I use a non-self-powered USB modem device for a solutions I provide to multiple customers, and very often I encounter a problem in which the devices stops working due to many reasons, one of which I suspect is insufficient USB power, but can't confirm. I could purchase a powered USB hub which I do sometimes, but the problem bugs me because I can't confirm that power is the problem and got to make trips to the customer's office at my own expense.
I've read the question How do you check how much power a USB port can deliver?, and followed the instructions in the answers.
The device I'm using is Sierra Wireless GL6110 USB modem. The vendor specification (see spec link below) says that the modem can draw up to 400mA max. Under Device Manager -> Generic USB Hub -> Power Tab, it says that the modem is drawing 20mA, which I believe is lower than the actual maximum. It also says that each port can draw up to 500mA.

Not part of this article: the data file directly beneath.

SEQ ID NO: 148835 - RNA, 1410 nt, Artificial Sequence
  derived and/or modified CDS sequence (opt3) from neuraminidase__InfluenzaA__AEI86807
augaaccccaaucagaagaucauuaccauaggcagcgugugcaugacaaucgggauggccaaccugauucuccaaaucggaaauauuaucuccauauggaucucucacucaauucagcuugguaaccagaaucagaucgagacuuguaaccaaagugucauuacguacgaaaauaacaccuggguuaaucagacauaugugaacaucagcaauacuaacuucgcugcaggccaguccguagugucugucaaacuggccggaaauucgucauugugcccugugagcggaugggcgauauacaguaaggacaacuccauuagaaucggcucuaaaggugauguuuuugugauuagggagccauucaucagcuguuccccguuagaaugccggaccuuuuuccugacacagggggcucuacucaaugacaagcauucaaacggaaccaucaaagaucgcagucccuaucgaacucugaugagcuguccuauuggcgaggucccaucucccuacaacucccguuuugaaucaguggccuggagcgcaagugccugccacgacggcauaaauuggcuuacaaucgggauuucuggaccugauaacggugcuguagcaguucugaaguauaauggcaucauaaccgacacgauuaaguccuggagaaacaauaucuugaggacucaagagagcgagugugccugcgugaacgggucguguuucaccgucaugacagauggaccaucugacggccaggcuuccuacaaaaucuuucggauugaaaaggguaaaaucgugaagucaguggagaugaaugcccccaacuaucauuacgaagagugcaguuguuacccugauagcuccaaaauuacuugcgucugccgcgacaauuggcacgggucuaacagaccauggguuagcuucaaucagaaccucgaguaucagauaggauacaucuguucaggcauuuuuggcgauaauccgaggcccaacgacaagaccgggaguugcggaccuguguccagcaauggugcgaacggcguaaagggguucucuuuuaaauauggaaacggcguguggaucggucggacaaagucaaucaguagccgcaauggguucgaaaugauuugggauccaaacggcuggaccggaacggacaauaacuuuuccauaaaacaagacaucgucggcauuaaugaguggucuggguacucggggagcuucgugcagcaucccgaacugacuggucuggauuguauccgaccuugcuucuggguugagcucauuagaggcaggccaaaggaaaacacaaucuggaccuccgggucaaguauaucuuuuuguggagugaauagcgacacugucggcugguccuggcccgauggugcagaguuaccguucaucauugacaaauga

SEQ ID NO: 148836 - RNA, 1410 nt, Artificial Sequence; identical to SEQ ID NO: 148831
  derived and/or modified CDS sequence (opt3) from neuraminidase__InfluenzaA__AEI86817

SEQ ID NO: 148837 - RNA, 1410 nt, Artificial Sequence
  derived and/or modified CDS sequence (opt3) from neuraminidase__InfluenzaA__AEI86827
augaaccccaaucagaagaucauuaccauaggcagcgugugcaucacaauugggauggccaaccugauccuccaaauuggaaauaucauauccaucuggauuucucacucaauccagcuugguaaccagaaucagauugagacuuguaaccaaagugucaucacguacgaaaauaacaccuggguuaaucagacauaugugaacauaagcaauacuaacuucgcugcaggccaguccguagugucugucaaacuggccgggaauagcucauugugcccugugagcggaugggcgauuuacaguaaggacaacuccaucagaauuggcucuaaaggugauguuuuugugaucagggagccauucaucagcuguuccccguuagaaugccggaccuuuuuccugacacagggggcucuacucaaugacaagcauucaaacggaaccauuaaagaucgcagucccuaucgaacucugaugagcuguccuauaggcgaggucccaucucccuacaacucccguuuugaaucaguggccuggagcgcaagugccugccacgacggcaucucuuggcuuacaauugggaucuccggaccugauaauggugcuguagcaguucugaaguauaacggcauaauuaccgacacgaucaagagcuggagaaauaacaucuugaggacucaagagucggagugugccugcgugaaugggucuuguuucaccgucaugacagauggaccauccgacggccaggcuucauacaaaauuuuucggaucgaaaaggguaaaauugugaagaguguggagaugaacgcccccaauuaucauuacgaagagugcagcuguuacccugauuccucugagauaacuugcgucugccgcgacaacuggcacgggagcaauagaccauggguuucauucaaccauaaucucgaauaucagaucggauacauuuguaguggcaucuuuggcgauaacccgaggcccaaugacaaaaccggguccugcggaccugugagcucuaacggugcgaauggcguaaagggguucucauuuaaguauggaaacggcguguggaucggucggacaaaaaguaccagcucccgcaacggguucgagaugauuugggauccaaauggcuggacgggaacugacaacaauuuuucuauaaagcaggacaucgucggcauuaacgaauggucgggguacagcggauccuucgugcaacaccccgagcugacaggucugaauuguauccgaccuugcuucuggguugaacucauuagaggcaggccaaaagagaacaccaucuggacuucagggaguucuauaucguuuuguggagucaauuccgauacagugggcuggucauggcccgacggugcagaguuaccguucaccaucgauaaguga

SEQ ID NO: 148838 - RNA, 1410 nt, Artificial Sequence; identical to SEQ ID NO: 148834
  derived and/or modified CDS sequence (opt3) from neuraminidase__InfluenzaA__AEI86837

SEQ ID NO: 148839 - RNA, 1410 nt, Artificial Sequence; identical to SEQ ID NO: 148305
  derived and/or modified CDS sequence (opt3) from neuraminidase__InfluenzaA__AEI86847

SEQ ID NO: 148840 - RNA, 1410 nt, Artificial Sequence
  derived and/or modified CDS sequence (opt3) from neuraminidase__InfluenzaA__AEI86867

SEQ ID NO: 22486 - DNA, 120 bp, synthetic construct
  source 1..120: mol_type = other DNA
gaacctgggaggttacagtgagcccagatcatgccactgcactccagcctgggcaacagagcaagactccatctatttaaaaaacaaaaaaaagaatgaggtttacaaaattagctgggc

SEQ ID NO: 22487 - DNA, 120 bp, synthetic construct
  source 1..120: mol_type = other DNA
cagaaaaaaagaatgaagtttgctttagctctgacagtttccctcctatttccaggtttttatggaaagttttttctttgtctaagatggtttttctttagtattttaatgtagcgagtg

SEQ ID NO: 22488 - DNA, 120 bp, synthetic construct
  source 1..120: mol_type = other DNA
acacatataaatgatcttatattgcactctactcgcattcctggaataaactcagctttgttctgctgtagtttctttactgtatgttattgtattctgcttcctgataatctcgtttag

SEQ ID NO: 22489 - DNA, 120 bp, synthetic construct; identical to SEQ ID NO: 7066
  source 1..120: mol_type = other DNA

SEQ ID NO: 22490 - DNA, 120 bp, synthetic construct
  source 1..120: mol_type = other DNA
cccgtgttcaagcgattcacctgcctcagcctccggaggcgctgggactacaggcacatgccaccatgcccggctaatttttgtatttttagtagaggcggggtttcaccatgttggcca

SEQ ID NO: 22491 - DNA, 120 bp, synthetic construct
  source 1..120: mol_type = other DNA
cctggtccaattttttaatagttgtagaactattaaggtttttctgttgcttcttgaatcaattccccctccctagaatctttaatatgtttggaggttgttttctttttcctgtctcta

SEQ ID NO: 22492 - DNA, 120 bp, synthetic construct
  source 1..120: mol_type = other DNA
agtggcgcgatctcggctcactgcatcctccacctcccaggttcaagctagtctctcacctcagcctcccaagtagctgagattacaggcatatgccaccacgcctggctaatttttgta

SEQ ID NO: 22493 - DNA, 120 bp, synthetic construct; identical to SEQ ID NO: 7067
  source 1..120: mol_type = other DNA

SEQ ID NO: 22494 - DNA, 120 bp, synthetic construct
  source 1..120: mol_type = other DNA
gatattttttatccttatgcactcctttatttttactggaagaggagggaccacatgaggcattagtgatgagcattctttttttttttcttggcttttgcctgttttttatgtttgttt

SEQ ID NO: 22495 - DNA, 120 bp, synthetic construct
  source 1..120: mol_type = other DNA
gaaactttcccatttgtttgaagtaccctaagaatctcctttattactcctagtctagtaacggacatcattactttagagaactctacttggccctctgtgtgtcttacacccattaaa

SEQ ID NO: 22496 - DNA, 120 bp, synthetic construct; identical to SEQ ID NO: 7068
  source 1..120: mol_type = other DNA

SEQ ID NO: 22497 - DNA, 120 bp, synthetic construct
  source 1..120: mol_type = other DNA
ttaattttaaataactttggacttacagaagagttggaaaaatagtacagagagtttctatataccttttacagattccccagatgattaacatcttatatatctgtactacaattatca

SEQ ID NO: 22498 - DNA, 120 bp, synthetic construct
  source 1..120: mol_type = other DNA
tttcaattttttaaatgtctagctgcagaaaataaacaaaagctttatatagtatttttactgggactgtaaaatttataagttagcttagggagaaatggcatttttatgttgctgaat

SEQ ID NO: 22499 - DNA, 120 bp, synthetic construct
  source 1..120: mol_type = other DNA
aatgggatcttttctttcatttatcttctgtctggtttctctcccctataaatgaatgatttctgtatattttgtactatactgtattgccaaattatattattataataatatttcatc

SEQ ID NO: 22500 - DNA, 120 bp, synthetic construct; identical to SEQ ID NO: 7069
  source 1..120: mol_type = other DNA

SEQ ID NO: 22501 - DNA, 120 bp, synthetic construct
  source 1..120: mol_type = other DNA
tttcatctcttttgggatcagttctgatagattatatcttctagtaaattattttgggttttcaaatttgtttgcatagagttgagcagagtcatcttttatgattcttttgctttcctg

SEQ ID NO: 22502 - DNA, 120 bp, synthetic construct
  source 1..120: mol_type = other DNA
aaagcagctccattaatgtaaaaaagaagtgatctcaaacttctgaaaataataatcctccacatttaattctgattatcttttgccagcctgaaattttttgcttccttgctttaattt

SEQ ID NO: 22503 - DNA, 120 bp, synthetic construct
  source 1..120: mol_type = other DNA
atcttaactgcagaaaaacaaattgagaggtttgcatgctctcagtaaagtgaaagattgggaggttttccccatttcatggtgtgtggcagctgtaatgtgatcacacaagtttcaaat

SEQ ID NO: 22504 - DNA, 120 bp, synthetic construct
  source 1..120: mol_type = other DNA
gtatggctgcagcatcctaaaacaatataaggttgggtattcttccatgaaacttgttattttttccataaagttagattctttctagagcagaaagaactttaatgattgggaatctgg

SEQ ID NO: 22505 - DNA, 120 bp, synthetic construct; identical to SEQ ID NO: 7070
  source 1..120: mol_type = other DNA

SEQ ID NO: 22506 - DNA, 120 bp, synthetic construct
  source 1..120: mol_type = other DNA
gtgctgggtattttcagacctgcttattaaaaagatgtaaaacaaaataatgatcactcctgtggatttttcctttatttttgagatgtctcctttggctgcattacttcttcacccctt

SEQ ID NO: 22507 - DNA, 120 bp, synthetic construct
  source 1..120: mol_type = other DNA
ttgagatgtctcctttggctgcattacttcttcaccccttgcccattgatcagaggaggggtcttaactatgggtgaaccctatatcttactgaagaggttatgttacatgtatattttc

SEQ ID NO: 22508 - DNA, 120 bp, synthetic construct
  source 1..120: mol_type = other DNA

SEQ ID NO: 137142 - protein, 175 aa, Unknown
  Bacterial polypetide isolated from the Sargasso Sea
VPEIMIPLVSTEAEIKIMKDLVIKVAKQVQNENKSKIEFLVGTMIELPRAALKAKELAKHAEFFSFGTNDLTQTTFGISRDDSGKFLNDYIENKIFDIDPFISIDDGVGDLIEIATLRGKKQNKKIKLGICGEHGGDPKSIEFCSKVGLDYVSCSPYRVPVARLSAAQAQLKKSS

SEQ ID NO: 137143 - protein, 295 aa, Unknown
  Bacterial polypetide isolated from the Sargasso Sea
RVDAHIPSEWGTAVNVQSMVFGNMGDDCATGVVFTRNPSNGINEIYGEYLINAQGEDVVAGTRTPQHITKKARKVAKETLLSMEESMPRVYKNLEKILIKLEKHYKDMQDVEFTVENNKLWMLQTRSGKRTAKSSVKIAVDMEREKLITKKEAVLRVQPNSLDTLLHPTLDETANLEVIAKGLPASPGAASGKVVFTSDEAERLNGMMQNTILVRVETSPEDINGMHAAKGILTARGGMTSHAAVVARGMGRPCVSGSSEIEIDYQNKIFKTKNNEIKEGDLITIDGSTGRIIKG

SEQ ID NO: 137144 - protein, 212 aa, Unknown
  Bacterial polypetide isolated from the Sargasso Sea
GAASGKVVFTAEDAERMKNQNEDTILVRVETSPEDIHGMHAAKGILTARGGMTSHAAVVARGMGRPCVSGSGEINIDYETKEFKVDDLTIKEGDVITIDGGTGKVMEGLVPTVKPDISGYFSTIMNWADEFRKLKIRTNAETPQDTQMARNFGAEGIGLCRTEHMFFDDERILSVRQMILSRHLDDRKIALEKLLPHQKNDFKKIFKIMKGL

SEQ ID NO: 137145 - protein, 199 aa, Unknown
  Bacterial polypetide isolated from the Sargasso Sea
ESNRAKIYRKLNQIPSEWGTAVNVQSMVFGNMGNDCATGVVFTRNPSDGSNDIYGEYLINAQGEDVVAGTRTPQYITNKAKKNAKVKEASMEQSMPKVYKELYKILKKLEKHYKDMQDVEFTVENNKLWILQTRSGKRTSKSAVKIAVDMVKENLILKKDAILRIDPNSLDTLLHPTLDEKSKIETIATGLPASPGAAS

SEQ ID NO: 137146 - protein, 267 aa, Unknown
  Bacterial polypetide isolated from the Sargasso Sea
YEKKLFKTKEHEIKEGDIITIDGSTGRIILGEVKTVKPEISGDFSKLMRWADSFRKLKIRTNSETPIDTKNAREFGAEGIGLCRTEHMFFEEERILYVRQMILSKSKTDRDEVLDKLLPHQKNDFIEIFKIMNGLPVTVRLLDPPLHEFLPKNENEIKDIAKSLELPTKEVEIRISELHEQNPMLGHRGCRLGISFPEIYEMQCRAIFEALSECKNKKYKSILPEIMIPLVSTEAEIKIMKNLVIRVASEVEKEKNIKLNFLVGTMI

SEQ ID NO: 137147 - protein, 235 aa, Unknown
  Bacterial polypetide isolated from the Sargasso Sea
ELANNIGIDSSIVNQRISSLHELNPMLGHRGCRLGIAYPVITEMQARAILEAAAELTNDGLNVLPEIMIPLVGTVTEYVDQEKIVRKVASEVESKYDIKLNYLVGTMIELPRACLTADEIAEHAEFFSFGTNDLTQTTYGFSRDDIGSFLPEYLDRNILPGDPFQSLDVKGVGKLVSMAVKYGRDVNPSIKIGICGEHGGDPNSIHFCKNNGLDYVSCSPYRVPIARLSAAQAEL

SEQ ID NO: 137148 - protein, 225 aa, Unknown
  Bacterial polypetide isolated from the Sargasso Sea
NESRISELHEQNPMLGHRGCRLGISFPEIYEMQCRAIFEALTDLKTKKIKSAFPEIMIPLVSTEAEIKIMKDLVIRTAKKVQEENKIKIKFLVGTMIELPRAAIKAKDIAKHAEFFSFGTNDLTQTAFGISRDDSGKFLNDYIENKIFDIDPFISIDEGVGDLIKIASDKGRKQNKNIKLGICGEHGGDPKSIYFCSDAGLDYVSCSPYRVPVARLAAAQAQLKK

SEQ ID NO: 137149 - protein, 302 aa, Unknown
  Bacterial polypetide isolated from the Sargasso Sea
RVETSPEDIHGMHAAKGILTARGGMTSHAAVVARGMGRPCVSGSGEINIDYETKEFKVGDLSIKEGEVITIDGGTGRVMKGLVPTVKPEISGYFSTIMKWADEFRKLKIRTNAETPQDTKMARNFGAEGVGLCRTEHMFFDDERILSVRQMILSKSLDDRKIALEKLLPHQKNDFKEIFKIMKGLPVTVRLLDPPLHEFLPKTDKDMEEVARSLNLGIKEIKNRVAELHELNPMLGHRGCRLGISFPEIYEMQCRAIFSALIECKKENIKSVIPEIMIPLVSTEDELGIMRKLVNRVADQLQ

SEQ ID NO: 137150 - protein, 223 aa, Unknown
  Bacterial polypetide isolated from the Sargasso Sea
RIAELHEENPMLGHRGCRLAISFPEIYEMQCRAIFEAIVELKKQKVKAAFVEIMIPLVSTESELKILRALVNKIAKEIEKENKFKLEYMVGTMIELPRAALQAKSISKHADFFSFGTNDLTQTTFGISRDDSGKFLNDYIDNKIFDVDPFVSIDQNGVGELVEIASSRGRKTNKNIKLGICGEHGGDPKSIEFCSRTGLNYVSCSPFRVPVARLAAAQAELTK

I believe that the information provided under Power tab is not sufficient for me to gauge whether the system can provide enough power for my modem device because:
Firstly, even though the hub will provide up to 500mA per port, this is shared across multiple ports and there may not be enough power to provide 500mA for every single port.
Secondly, the power required by a device as indicated in Under Device Manager -> Generic USB Hub -> Power Tab, may not be accurate in the first place, and it is only a power required figure and not the actual power drawn.
So to solve my problem, I'm trying to find out if there a way for me to detect ACTUAL maximum power that can be supplied to a USB hub? What I intend to do is to activate all the USB devices connected to the system, e.g. if it is a USB speakers, I would turn on the speaks at full volume, and then measure the maximum power a port can deliver using some instrument or software.